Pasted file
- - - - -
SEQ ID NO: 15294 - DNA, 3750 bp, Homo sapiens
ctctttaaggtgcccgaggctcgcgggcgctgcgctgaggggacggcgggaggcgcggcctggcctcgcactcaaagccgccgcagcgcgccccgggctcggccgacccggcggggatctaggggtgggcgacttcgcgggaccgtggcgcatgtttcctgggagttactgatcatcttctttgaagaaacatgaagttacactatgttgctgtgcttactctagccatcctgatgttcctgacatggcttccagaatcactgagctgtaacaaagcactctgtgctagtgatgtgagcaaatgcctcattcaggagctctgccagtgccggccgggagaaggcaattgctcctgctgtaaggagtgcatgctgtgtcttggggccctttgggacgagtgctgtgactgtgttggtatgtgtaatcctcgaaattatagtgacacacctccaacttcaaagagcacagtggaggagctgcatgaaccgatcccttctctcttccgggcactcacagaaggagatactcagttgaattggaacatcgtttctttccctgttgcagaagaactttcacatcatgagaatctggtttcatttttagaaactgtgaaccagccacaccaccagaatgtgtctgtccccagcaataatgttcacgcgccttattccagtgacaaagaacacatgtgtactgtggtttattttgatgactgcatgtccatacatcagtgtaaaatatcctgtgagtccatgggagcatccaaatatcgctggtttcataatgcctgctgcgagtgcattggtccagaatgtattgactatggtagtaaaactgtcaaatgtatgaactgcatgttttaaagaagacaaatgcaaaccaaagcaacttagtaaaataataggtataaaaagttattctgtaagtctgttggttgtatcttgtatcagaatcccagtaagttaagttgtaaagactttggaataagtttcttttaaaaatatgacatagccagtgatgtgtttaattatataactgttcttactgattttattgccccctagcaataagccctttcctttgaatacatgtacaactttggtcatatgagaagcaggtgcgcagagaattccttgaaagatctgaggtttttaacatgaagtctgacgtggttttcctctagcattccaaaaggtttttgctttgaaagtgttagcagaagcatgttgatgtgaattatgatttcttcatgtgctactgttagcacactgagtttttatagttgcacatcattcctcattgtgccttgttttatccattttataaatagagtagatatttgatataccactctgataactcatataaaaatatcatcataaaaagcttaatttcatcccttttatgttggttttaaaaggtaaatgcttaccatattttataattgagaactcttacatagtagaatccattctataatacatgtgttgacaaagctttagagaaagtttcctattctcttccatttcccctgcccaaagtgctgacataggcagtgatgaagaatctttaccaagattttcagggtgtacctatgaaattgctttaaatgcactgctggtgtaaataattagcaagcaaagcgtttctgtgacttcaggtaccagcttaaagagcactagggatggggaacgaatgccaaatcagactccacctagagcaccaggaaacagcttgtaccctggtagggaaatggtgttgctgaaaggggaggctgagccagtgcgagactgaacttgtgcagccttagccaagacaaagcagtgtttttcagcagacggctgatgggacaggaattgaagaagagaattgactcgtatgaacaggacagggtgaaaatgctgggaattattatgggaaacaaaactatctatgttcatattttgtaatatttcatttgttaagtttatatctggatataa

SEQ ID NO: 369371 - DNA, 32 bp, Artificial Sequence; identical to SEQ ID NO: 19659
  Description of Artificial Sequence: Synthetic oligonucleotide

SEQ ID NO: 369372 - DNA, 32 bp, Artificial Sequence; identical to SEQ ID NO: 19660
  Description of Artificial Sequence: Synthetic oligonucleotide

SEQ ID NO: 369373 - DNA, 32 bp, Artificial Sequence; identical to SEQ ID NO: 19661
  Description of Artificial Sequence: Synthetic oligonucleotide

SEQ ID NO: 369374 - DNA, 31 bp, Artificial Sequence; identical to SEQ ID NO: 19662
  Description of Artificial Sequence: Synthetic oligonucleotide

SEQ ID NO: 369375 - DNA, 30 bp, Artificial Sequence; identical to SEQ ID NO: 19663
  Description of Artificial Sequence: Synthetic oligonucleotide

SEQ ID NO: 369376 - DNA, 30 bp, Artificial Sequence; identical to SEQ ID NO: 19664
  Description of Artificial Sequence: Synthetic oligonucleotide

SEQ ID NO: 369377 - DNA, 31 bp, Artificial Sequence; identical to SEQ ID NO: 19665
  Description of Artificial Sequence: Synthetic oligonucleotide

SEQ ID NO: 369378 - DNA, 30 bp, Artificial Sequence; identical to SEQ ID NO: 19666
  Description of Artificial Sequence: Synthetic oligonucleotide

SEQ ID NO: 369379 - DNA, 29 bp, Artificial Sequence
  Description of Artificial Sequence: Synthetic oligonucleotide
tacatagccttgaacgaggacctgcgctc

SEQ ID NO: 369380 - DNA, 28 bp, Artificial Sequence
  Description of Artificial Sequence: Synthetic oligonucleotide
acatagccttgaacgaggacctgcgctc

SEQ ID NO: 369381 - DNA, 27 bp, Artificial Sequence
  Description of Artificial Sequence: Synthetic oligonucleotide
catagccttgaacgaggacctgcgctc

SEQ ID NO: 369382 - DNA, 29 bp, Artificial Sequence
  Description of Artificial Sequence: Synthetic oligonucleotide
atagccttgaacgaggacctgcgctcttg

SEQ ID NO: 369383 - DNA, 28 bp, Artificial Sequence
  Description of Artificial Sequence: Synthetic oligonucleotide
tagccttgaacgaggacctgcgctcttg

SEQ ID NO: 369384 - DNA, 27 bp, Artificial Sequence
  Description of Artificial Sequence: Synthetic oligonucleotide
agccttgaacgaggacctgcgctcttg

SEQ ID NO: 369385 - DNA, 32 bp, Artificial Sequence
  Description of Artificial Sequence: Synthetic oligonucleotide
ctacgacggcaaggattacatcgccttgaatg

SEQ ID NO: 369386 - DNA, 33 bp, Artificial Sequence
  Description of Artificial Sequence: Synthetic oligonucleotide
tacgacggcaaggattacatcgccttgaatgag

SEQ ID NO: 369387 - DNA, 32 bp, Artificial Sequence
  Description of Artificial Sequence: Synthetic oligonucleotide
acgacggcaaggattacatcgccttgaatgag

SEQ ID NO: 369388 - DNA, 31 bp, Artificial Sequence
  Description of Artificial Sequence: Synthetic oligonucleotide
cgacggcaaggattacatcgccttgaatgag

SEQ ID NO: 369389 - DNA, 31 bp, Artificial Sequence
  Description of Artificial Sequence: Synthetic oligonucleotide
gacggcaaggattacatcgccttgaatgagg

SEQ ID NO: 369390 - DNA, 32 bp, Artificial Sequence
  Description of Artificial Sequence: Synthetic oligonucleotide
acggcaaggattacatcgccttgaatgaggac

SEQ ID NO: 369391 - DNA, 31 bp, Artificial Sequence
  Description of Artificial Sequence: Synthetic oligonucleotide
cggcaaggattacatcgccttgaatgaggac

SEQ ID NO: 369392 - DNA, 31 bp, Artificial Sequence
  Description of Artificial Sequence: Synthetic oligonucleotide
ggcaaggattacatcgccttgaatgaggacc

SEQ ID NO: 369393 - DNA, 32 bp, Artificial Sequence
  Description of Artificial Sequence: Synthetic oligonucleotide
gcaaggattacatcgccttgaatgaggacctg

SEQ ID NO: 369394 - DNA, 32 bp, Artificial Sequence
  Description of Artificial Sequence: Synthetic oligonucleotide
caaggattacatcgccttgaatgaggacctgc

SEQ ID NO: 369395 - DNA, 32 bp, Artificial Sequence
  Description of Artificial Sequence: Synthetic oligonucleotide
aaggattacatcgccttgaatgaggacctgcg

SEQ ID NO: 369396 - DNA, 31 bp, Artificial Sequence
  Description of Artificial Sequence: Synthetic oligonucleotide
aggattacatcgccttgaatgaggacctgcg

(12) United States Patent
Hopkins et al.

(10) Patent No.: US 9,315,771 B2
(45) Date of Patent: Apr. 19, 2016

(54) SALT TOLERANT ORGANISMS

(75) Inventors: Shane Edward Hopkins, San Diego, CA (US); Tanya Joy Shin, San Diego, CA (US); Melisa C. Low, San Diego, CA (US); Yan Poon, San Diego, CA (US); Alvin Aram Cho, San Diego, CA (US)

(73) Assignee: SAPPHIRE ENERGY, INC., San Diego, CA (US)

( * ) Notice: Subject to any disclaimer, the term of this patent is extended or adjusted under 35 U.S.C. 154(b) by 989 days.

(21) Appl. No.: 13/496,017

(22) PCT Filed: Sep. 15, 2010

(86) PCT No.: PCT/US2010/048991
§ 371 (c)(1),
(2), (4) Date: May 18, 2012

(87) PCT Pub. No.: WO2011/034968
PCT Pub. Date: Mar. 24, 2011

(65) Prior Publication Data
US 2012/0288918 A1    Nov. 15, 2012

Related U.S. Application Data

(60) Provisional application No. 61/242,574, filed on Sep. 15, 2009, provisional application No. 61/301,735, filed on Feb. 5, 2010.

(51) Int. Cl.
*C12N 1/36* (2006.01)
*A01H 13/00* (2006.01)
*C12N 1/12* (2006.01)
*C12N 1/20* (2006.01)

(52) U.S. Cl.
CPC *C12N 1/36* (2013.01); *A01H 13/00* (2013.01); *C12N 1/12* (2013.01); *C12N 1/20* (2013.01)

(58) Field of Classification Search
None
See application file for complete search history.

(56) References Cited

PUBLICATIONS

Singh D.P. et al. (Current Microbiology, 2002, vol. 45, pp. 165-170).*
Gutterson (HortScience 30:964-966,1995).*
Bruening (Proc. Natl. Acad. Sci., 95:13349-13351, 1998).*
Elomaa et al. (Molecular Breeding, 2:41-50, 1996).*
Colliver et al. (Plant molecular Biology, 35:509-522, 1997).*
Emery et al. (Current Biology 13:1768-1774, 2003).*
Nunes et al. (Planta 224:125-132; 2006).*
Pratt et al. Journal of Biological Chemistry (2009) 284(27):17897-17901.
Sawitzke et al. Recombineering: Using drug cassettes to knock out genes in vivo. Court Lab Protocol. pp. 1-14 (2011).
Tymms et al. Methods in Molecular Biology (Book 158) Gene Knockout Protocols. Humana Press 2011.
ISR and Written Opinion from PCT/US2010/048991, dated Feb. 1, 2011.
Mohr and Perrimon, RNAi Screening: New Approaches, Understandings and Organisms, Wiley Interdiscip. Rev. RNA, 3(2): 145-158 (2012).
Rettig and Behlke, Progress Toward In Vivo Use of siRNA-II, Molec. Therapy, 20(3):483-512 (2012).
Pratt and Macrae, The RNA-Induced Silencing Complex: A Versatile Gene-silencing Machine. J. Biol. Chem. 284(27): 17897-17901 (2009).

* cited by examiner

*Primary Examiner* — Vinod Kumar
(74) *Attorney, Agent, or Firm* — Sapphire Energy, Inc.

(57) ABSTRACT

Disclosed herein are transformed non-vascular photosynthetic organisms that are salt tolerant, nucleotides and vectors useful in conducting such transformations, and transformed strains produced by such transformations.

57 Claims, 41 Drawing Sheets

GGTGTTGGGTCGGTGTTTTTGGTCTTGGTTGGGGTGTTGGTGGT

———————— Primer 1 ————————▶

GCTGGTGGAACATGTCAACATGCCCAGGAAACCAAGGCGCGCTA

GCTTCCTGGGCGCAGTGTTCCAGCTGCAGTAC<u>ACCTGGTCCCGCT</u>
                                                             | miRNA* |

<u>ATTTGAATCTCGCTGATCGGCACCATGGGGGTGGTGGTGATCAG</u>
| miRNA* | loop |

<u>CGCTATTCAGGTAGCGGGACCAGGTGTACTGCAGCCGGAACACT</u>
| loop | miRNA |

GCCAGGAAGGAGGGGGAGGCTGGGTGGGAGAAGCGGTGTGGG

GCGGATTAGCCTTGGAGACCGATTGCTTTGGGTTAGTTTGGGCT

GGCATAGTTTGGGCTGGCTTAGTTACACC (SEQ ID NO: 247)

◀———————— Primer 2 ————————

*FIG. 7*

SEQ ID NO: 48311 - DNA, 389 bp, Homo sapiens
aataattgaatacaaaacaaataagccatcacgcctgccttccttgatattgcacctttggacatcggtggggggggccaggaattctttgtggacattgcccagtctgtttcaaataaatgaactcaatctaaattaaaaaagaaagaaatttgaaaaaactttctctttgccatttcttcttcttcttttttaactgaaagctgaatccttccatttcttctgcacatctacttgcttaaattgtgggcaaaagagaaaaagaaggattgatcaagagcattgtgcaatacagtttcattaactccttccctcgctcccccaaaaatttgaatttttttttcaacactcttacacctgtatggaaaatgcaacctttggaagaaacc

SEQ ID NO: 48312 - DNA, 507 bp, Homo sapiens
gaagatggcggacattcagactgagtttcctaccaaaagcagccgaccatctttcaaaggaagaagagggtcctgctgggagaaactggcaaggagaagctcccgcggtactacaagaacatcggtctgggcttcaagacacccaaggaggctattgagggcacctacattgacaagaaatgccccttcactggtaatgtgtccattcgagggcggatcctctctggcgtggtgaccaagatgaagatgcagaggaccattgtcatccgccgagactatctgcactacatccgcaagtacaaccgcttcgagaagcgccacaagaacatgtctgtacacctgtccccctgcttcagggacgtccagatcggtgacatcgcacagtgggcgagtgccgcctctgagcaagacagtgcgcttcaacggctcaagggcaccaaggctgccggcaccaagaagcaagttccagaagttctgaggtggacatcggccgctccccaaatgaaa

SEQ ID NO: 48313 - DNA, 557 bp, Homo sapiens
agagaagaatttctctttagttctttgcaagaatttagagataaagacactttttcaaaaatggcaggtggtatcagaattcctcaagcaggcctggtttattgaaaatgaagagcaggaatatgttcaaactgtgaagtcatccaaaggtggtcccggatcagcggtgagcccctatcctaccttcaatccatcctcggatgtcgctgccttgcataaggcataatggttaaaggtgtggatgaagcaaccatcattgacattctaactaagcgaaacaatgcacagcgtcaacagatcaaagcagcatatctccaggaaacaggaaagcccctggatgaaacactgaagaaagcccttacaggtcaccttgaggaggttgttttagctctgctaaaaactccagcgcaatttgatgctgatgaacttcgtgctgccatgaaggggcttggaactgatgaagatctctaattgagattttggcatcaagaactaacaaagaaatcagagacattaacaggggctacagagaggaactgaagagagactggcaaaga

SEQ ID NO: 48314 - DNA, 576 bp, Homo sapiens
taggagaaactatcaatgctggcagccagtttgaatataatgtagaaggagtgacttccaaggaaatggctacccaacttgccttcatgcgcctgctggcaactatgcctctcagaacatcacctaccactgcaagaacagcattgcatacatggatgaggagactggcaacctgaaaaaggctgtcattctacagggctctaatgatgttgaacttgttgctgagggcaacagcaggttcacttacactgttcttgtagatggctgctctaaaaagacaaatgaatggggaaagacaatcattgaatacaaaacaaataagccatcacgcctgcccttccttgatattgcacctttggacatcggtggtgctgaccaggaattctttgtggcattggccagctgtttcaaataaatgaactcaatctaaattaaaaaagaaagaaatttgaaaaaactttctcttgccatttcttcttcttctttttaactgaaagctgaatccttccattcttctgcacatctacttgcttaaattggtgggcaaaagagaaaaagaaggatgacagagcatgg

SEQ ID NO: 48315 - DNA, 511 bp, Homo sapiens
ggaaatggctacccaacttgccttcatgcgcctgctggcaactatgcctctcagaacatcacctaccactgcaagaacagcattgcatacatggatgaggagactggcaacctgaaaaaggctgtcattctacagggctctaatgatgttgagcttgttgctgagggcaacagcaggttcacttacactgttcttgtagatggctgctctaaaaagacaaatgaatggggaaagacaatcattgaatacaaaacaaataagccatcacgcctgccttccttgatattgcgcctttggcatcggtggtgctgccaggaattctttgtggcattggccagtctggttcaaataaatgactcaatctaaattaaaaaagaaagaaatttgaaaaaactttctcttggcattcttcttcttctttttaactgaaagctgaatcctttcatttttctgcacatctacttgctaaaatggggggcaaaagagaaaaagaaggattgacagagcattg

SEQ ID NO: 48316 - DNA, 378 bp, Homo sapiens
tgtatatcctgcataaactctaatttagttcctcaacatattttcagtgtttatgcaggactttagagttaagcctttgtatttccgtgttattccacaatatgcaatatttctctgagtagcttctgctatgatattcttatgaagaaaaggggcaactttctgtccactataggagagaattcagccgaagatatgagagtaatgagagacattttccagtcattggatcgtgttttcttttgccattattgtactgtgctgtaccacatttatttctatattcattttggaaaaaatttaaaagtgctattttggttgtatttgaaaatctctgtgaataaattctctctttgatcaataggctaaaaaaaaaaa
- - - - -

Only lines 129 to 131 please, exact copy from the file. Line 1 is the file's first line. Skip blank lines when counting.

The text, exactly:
<u>ATTTGAATCTCGCTGATCGGCACCATGGGGGTGGTGGTGATCAG</u>
| miRNA* | loop |

<u>CGCTATTCAGGTAGCGGGACCAGGTGTACTGCAGCCGGAACACT</u>